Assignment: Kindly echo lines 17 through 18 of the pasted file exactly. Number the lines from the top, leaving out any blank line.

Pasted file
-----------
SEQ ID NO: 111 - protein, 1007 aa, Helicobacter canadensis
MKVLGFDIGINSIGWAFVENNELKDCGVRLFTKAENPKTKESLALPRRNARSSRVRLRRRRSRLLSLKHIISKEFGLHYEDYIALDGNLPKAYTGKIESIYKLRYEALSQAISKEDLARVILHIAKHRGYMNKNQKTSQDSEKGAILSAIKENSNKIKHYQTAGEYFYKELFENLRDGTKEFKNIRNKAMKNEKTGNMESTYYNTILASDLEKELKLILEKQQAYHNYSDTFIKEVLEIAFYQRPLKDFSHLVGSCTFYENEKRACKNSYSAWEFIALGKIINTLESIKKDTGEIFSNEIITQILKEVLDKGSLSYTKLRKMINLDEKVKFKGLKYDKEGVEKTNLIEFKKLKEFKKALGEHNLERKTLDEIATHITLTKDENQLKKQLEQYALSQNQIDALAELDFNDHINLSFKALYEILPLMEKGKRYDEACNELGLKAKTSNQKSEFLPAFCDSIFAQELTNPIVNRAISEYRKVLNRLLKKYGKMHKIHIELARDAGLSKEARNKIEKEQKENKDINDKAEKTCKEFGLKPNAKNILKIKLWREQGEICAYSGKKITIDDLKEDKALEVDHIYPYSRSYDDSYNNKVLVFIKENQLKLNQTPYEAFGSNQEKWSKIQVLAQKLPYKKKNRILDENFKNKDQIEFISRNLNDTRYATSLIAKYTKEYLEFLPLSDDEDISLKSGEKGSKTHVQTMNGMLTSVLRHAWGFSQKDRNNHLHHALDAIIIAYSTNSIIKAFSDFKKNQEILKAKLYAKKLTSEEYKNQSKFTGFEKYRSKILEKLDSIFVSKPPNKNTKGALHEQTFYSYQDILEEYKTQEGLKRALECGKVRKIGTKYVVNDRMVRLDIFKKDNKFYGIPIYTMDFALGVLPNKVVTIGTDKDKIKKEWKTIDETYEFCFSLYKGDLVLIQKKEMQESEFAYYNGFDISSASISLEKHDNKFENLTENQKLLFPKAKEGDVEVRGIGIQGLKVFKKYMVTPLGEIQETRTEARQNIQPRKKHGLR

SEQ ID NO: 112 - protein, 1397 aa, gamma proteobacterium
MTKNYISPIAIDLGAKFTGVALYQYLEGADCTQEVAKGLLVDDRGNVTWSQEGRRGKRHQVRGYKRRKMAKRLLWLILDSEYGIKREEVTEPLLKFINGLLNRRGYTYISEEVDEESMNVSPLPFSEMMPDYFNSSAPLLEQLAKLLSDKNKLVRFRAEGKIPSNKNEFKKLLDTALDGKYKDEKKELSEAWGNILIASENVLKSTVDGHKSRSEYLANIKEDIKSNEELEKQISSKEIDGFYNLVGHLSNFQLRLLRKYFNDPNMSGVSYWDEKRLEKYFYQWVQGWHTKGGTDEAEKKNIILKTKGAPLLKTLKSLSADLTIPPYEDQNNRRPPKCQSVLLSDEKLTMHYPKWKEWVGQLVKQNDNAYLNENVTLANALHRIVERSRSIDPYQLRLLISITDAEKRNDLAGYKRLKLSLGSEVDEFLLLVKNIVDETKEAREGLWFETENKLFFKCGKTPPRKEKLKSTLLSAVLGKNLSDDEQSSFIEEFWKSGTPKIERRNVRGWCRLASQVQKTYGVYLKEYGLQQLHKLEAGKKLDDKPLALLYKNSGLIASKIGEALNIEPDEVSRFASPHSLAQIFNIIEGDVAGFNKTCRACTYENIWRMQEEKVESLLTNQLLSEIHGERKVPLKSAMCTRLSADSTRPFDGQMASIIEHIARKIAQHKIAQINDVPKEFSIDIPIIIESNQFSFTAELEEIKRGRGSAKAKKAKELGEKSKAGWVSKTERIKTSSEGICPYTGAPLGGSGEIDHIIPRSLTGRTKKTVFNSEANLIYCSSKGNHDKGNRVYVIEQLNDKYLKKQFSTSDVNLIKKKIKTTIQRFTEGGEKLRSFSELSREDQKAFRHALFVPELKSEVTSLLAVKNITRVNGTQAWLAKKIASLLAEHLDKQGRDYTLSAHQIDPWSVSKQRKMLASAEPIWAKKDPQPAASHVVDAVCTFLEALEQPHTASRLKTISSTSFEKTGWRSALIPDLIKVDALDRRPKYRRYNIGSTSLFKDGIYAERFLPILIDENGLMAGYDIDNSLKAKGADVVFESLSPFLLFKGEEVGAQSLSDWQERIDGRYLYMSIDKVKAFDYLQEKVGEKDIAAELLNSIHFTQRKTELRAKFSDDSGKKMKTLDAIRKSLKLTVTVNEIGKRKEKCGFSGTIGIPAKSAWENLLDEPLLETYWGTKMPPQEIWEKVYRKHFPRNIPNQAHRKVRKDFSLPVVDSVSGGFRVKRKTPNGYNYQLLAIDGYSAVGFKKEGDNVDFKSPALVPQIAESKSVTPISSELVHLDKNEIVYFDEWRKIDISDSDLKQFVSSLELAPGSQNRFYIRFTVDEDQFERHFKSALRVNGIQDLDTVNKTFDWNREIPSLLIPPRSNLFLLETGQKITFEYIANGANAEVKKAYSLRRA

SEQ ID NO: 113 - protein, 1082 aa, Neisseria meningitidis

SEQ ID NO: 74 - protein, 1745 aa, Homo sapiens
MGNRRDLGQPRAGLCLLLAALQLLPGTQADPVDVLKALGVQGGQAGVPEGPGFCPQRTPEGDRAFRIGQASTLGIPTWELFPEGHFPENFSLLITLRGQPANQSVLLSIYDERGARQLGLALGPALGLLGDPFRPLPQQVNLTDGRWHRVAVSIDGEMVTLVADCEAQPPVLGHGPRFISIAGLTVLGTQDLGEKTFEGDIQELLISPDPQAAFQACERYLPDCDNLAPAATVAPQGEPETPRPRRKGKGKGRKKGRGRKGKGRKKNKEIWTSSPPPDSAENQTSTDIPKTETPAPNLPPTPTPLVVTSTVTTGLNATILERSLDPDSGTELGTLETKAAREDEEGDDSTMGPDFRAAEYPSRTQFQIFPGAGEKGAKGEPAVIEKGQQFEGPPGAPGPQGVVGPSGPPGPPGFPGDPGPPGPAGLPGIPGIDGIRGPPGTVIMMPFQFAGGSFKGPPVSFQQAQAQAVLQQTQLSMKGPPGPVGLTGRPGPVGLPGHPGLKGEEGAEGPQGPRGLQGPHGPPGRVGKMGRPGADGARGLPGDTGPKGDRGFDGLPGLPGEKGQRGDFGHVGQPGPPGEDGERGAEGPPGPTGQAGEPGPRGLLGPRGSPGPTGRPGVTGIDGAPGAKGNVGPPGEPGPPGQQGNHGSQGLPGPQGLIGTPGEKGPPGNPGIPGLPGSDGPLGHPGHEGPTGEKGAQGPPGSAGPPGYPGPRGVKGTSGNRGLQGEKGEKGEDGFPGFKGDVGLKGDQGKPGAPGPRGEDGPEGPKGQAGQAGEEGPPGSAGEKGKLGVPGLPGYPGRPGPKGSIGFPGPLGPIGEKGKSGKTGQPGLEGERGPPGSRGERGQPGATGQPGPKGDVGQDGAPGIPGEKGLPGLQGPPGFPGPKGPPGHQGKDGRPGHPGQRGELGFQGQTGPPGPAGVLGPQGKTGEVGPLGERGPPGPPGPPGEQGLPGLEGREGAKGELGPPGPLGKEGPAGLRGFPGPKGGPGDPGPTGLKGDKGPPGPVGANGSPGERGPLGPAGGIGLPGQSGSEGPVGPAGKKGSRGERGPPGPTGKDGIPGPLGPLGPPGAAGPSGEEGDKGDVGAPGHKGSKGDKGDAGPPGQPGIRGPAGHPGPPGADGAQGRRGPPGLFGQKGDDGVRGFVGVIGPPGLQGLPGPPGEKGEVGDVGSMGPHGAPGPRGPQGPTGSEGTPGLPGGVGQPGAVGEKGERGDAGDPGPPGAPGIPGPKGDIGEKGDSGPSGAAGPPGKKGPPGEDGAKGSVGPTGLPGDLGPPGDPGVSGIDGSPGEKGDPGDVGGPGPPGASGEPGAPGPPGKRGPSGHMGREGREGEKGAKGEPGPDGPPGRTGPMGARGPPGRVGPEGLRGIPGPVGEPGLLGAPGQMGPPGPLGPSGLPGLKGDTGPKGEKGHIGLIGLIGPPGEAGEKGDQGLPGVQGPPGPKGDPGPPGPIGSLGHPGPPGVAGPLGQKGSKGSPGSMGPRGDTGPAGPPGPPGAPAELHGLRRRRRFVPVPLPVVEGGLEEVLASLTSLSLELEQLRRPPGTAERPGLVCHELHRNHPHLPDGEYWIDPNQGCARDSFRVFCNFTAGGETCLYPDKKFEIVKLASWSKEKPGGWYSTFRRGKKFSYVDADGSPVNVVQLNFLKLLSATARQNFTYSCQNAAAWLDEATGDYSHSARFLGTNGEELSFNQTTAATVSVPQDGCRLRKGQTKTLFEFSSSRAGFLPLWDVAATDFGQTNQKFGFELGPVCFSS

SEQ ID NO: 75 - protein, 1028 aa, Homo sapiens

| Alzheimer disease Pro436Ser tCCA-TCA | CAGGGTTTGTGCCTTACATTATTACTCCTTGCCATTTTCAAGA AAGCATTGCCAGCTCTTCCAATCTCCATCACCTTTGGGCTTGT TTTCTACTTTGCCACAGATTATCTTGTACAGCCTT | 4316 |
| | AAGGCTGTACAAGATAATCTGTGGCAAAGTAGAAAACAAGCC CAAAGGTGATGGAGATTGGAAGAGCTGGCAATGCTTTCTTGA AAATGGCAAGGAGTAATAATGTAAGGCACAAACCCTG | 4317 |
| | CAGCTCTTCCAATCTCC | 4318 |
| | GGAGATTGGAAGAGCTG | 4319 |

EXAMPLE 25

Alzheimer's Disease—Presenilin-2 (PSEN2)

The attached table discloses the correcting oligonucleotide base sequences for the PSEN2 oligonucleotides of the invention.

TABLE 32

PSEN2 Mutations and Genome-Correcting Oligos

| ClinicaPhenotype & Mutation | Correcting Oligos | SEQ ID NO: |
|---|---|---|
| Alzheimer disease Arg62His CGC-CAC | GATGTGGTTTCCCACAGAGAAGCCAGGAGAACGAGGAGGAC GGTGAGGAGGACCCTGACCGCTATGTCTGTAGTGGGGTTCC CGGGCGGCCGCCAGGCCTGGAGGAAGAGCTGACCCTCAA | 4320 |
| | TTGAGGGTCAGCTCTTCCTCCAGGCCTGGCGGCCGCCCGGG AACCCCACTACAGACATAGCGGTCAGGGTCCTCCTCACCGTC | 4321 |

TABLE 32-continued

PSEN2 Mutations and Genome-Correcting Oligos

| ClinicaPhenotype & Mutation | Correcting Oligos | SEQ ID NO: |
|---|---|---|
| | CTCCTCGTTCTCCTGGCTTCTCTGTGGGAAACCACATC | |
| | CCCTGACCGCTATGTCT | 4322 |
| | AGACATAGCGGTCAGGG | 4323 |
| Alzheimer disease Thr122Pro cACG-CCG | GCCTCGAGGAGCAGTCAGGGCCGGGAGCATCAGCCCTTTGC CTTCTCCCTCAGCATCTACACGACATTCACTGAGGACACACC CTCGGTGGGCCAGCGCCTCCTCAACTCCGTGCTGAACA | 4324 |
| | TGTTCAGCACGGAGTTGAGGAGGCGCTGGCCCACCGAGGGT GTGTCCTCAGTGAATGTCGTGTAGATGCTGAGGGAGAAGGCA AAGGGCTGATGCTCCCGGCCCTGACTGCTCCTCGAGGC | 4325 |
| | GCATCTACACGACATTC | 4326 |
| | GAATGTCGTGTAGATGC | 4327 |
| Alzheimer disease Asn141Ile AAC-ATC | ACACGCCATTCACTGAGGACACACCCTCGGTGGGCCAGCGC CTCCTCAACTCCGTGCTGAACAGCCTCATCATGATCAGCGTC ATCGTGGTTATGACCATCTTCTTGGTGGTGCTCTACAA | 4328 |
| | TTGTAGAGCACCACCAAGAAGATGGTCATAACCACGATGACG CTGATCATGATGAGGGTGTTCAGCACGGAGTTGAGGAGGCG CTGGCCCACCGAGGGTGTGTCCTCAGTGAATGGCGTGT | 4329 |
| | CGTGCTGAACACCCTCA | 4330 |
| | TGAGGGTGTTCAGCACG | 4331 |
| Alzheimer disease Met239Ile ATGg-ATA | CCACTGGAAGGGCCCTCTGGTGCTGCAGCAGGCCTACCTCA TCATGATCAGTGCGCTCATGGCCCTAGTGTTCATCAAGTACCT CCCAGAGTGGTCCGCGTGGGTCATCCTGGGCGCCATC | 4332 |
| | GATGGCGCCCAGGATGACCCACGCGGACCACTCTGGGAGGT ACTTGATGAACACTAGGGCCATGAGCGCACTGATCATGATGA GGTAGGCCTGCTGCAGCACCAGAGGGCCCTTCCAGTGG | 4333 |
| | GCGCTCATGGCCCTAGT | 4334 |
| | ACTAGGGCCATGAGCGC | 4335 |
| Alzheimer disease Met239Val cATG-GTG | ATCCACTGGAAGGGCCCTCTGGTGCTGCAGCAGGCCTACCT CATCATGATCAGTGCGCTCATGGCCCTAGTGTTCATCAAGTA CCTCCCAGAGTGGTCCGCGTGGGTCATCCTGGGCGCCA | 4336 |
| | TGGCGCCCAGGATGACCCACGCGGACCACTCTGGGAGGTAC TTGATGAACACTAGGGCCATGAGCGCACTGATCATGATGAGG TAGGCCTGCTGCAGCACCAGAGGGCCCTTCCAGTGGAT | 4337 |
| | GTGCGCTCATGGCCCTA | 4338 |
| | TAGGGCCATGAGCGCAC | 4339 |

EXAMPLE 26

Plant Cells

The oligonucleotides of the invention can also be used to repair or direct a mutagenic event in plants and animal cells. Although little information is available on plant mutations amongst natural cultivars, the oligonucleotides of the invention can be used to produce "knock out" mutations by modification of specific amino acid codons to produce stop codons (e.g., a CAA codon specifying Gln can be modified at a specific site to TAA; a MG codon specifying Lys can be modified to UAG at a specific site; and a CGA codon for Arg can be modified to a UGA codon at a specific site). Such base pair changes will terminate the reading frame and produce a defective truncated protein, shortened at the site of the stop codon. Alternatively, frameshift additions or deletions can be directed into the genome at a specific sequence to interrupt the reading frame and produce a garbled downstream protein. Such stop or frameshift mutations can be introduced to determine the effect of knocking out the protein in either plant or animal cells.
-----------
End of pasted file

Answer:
PSEN2 Mutations and Genome-Correcting Oligos

| ClinicaPhenotype & Mutation | Correcting Oligos | SEQ ID NO: |